January 11, 2010

Graceling by Kristin Cashore


Graceling by Kristin Cashore

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Katsa was born with a special ability and is known as a Graceling. Others in Katsa's world have Graces that are different for each person, and each Grace is defined as a superhuman ability to do a task- swimming, fighting, archery, and mind-reading to name a few. Katsa's Grace is deadly. When she was just a child she killed a man quickly, and without truly meaning to do it. Her uncle, King Randa, decided then to allow Katsa to hone her Grace, and then tasked her with the duty to bully or kill anyone that defied his authority.

Katsa's life continues this way until she meets Prince Po who is searching for his kidnapped grandfather. Katsa befriends Po because she able to fight him, and he is able to stand up to her beatings. Their relationship quickly turns into friendship. Po gives Katsa the ability to look at her Grace, and herself in ways she could never have imagined before.

I can't really summarize this story anymore without giving away too many plot points.

Cashore is a wonderful world-builder. She has a way of creating such vivid and wonderful history and scenery that the reader will be submersed in the novel completely. Katsa, although stubbron and angry, is easily relateable as a character and main voice of this novel. Katsa is used to being defined by her ability as a bully for her uncle King. She may find ways to work outside her uncle's notice, but she still feels defined by what he asks her to do. Her world view is thoroughly challenged by Po who is Graced as well. The progression of the novel shows a great progression of Katsa not only in her life, but how she perceives herself as well.

Although there were a couple predictable story lines in Graceling none of them felt forced. Instead they progressed naturally, and comfortably. Cashore took her time to allow events and changes to happen in a way that mimicked life. In this way Cashore has shown a real ability to allow natural growth occur in her novels without losing her readers. Although I felt that this method of story telling did cause the novel to drag at times over all the effect causes the readers to really know and understand the characters. Graceling is a perfect example of a character driven story that really succeeds.

The only real problems I saw with Graceling, beyond the points where the novel dragged, was the closeness that Katsa and Fire had to each other. (For more about Fire read my review on that book.) Like Fire, Katsa refuses marriage or children although the purposes of this are not fully fleshed out. Fire refuses children or marriage because she wants her monster genes to die off with her. Katsa simply refuses marriage or children because she wants to be completely independent. She doesn't want to have to report herself to anyone but herself. Her motives for choosing a marriage-less and child-less life are completely selfish and not to keep her future children from becoming Gracelings. There are no genetic co-relations between Graced people having only Graced children. Quite the contrary, non-Graced people have Graced children. It isn't quite explained how or why Gracelings are born, but this simply strikes me as odd. One would think that eventually this selfish motivation would change, but it does not.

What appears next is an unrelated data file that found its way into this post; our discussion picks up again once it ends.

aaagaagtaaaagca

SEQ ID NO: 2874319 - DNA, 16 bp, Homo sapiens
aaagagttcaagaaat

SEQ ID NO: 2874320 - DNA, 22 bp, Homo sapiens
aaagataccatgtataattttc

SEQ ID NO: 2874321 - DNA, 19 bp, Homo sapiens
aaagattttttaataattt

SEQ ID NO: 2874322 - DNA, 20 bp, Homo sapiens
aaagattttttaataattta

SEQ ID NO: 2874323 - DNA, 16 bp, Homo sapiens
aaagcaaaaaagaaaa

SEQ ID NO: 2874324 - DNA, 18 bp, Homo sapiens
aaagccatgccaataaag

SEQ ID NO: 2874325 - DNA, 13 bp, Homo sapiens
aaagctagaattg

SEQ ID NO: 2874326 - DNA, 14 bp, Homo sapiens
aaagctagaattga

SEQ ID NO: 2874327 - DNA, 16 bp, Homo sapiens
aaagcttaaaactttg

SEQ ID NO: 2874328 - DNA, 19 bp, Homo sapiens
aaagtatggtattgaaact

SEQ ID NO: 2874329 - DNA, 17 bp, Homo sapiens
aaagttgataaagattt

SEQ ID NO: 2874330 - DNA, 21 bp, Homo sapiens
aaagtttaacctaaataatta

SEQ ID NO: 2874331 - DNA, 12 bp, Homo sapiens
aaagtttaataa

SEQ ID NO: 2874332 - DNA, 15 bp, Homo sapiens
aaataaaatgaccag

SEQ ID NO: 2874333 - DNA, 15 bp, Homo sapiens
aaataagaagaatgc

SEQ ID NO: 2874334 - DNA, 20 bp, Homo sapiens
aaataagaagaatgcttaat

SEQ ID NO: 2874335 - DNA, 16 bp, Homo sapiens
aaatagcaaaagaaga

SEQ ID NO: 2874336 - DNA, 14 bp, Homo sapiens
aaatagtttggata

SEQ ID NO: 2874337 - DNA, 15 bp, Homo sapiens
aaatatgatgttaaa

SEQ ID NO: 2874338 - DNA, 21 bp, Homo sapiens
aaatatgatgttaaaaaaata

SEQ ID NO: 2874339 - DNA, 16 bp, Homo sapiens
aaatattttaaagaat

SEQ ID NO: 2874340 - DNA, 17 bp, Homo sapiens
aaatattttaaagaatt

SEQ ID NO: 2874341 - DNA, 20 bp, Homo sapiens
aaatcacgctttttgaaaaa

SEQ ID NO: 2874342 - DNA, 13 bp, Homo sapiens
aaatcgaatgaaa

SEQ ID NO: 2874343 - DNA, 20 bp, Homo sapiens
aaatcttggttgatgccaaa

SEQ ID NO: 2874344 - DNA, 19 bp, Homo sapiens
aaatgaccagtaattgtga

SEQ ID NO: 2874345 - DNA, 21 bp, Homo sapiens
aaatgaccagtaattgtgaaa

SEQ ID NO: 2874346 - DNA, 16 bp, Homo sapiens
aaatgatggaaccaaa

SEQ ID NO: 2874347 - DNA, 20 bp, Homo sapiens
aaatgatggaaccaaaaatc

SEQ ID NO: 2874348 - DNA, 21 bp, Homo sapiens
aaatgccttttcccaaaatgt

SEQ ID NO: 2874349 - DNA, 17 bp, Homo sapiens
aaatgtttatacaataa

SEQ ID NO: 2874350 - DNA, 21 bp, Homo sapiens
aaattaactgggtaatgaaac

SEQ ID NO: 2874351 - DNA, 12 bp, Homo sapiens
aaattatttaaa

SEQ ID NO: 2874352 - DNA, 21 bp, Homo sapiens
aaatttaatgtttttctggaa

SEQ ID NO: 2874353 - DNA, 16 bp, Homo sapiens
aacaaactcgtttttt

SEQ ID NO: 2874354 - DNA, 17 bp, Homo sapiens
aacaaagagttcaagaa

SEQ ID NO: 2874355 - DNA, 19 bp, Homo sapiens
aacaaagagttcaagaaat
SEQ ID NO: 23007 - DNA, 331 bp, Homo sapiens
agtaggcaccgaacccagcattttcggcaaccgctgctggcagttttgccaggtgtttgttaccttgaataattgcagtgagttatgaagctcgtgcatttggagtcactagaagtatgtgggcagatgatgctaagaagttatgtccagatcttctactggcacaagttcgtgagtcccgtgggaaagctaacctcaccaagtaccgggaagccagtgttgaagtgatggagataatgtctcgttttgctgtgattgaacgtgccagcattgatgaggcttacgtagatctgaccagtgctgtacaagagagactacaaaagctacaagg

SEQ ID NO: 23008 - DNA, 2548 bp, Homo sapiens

Like Fire, Katsa is constantly the center of attention because of her differently colored eyes, and is constantly and easily recognized. However I truly wonder how easy it would be to really notice that a person has differently colored eyes. Whenever I see someone with heterochromia it takes me a while to actually catch it. And, if Gracelings are so abundant, why would anyone really take notice of her immediately. Variations in eye color for Katsa, one green eye and one blue eye, aren't as fantastic as Po's, one gold eye and one silver eye. Yes, she is famous as her Uncle King's henchmen, but I had to wonder how people could really distinguish her so easily when all her fame was word of mouth.

Over all though Graceling is a book that deserves it's popularity. Cashore is such a talented writer and story teller I can't wait to see her third book, Bitterblue, which she is currently writing. If it is anything like Fire or Graceling I'm sure readers will be in for a treat.

Edit: Read an amendment to this review posted 01/19/10.

5 comments:

Erika said...

I noticed that my daughter was reading this. I think that she got through about half before she lost interest.

Sami said...

I can see that. It's almost 500 pages long, and like I said it dragged a bit.

Caroline Starr Rose said...

I loved GRACELING. It is so good to see strong female leads in YA.
Thanks for stopping by today!

Sami said...

Thanks! I loved it too. Things bothered me about it, but Cashore is a talented author.

Angela Craft said...

As someone who isn't all that interested in having children myself, I can't really see Katsa's choice to not have children as selfish. Rather, I think her choice is the responsible one - she knows she wants to be free to run around and do what she wants, which includes putting herself in danger in order to help other people, and if she had a child it would be impossible to fulfill her goals.

I met Kristin Cashore at a book signing in November and actually asked her why she had written two characters that were so adamantly against children (especially since we rarely see characters that have an opinion on that in YA). She brought up an excellent point: although both characters have the same desire (no kids) they manifest in entirely different ways: Katsa actually draws strength from her choice, while for Fire it's a great tragedy, and while the choice doesn't play out in the narrative as important, those are important character-shaping moments.

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